“There came a time when you realized that moving on was pointless. That you took yourself with you wherever you went.”
This is a sequel. This review contains no spoilers for The Shining, aside from giving away the survival of one character.
Doctor Sleep, by Stephen King
sequel to The Shining
Scribner, September 2013
531 pages (hardcover)
On highways across America, a tribe of people called the True Knot travel in search of sustenance. They look harmless – mostly old, lots of polyester, and married to their RVs. But as Dan Torrance knows, and spunky twelve-year-old Abra Stone learns, the True Knot are quasi-immortal, living off the steam that children with the shining produce when they are slowly tortured to death.
Haunted by the inhabitants of the Overlook Hotel, where he spent one horrific childhood year, Dan has been drifting for decades, desperate to shed his father’s legacy of despair, alcoholism, and violence. Finally, he settles in a New Hampshire town, an AA community that sustains him, and a job at a nursing home where his remnant shining power provides the crucial final comfort to the dying. Aided by a prescient cat, he becomes “Doctor Sleep.”
Then Dan meets the evanescent Abra Stone, and it is her spectacular gift, the brightest shining ever seen, that reignites Dan’s own demons and summons him to a battle for Abra’s soul and survival.
Now that our Sleep Along is wrapped up, I feel like I can finally write my review. It’s hard, though, to dial back… from being able to discuss anything and everything, to keeping this spoiler free for those who haven’t read it. But I shall rise to the challenge.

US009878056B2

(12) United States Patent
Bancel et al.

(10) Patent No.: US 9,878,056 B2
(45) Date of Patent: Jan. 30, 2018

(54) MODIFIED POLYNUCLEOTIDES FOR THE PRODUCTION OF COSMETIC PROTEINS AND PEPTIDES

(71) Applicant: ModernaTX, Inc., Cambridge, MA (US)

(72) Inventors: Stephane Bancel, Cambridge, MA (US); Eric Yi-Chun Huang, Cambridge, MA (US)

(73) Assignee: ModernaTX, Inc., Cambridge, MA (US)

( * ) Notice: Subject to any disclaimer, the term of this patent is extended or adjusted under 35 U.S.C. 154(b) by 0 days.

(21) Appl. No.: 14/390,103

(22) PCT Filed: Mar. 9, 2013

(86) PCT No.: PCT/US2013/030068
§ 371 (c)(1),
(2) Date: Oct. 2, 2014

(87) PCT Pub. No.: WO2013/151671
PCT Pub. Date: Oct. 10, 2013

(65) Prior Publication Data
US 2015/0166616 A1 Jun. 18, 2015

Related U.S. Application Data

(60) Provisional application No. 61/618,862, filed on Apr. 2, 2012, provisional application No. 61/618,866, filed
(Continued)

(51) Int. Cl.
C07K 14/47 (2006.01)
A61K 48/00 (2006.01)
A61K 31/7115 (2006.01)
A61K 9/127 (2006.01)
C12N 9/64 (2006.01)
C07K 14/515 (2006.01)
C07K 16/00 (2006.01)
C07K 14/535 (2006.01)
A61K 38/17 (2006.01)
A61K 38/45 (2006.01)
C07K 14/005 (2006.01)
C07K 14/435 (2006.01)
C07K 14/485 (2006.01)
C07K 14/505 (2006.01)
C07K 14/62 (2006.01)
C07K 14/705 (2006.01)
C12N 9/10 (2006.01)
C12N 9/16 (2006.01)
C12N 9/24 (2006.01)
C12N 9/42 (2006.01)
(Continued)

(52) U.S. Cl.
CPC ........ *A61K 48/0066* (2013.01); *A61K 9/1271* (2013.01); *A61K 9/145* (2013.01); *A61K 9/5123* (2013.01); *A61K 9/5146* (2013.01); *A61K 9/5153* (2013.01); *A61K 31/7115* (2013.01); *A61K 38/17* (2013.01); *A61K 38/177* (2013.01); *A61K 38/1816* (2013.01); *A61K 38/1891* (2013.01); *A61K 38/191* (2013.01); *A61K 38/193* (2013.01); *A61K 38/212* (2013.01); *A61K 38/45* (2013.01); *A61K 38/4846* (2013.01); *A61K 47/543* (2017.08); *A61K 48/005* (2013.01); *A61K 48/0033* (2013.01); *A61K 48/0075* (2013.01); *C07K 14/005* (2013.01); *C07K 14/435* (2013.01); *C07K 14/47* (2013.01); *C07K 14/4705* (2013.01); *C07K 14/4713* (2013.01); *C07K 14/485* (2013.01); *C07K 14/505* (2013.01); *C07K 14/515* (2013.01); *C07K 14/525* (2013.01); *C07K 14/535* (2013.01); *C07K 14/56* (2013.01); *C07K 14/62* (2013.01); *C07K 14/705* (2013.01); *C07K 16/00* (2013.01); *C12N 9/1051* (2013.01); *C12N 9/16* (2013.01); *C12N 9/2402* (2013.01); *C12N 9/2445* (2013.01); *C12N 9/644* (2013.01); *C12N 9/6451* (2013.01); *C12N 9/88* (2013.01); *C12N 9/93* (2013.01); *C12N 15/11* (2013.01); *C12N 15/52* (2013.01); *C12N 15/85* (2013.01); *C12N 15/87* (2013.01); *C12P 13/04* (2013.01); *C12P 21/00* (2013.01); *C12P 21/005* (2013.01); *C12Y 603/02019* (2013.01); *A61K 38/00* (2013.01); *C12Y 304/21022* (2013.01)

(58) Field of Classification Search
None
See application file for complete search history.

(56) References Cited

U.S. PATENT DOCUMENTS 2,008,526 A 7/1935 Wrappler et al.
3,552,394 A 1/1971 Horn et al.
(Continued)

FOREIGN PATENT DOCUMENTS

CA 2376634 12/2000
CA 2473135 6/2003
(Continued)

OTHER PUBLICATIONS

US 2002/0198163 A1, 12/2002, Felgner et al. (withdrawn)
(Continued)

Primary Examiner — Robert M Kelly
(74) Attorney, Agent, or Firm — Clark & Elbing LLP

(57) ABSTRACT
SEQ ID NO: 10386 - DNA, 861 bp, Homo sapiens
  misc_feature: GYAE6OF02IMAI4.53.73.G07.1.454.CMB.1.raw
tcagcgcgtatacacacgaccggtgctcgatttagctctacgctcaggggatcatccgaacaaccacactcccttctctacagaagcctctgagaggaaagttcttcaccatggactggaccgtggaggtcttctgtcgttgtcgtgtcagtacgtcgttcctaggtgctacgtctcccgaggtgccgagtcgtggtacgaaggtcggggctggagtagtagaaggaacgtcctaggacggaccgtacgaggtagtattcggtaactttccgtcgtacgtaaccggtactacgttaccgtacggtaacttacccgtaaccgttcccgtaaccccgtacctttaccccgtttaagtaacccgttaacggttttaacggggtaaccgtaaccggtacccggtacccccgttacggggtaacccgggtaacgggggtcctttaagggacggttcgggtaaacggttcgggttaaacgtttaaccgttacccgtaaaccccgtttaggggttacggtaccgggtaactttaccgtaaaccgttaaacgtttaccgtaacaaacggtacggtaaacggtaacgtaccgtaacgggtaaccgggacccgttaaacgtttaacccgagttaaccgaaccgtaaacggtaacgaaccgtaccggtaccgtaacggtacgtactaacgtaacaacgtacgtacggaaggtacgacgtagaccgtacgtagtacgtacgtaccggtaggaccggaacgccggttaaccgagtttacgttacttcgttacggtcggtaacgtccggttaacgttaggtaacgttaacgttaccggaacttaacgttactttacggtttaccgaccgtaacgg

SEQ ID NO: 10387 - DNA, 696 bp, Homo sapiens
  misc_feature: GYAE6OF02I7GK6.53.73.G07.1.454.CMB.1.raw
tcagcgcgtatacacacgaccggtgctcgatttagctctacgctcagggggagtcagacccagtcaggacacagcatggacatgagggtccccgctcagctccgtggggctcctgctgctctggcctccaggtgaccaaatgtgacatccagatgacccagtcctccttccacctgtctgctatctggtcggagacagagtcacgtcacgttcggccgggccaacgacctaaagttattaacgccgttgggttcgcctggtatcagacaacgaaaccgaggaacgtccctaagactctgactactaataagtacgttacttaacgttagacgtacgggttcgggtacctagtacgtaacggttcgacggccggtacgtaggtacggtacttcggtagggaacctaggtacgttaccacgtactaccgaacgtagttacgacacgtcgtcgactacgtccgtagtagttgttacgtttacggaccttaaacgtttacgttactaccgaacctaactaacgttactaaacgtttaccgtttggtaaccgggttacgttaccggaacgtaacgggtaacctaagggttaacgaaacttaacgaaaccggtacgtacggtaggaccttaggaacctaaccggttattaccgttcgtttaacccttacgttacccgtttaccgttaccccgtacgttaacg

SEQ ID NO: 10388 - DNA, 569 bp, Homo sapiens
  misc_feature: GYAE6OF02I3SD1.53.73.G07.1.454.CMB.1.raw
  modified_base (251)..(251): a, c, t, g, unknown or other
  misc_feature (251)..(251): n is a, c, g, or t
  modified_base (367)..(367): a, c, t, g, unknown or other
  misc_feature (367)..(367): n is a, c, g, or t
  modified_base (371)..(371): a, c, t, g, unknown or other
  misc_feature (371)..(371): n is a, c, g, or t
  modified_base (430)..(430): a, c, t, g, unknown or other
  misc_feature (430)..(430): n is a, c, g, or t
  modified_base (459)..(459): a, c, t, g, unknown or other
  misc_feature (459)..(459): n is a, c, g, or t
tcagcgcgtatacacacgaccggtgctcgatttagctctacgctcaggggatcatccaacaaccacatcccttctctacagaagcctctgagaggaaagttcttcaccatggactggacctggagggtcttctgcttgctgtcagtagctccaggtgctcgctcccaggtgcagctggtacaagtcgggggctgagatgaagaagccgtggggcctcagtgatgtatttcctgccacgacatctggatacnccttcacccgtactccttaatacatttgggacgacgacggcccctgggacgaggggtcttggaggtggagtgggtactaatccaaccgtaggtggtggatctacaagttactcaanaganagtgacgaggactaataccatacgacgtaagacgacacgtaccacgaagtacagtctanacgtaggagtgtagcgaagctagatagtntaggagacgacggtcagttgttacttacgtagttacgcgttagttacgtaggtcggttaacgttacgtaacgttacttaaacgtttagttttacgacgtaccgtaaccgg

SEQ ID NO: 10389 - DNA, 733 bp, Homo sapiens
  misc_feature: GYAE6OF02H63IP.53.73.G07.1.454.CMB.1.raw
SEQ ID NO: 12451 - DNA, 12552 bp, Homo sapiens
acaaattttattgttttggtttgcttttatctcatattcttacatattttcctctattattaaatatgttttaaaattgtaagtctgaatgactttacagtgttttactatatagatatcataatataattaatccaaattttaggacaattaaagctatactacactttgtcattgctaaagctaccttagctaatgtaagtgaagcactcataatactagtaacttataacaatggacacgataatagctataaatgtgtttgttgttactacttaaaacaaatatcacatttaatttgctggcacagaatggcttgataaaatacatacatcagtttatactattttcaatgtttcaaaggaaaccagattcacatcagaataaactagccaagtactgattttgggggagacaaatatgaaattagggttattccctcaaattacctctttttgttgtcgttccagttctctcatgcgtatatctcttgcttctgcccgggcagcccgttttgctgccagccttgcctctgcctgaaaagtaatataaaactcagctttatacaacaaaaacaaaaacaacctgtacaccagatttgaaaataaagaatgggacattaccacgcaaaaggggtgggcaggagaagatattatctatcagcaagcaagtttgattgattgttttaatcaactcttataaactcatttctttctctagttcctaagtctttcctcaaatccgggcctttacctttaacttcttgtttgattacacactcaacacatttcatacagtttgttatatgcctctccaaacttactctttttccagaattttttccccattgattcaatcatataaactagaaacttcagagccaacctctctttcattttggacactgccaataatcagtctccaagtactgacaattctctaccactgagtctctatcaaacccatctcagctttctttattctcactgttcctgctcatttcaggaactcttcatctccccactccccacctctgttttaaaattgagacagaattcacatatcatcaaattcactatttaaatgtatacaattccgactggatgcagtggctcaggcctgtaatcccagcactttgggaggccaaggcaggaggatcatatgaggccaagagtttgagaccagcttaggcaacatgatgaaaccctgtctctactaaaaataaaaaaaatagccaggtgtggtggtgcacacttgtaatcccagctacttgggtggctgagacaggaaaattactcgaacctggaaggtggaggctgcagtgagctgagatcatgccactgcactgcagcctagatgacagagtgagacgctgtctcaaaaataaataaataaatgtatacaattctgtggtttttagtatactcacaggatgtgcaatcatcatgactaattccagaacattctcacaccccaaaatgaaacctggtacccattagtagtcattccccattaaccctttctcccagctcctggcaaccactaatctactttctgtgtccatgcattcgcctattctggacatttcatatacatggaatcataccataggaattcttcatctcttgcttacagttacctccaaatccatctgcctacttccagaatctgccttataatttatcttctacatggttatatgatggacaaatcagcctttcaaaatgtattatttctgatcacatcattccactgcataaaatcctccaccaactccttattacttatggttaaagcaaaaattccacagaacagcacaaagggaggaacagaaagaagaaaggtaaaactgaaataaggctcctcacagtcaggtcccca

Simply put, Doctor Sleep is a great story. I’d almost call it more of a companion to The Shining than a sequel. Yes, it takes place after the events of the other book. Yes, it has one major character in common, with several others mentioned or playing a small role. Yes, there is a lot in Doctor Sleep that may pass you by if you aren’t familiar with The Shining. I’m not saying, don’t read The Shining before you read this, because I do highly encourage it.
But it has more to do with expectations than anything else. Sequels tend to do one of two things – either they continue the story of the first book (in the case of a planned series) or they take the familiar characters on a new but similar adventure (in the case of an open-ended, ongoing series). I’m sure you could find sequels that don’t fit one of those two formulas, but they’re in the minority.
Doctor Sleep is one of these sequels.
The story itself pretty much stands on its own. And Dan Torrance can hardly be considered the same character as the little boy he was in The Shining. His alcoholism is much more important to the story than anything he lived through at the Overlook. We have a new supporting cast. New villains. The connections are there, but I do think this would be a good read even if you hadn’t read The Shining. Maybe even a great read.
Like a lot of Stephen King, this one gets off to a somewhat slow start, but unlike many King novels, I felt like the tension continued to build and pretty much kept going right through to the end. There were quite a few surprises – a couple major twists, some minor – and I was thoroughly satisfied by the conclusion.
If you’re a fan of Stephen King… well, there’s a good chance you’ve already read this, or at least have it on your TBR already. If you haven’t read King before, I don’t know that I’d suggest this as a starting point… but I wouldn’t discourage it either.
Does this sound like something you’d pick up? Has there ever been a sequel that you’ve anticipated as highly as King fans were anticipating Doctor Sleep?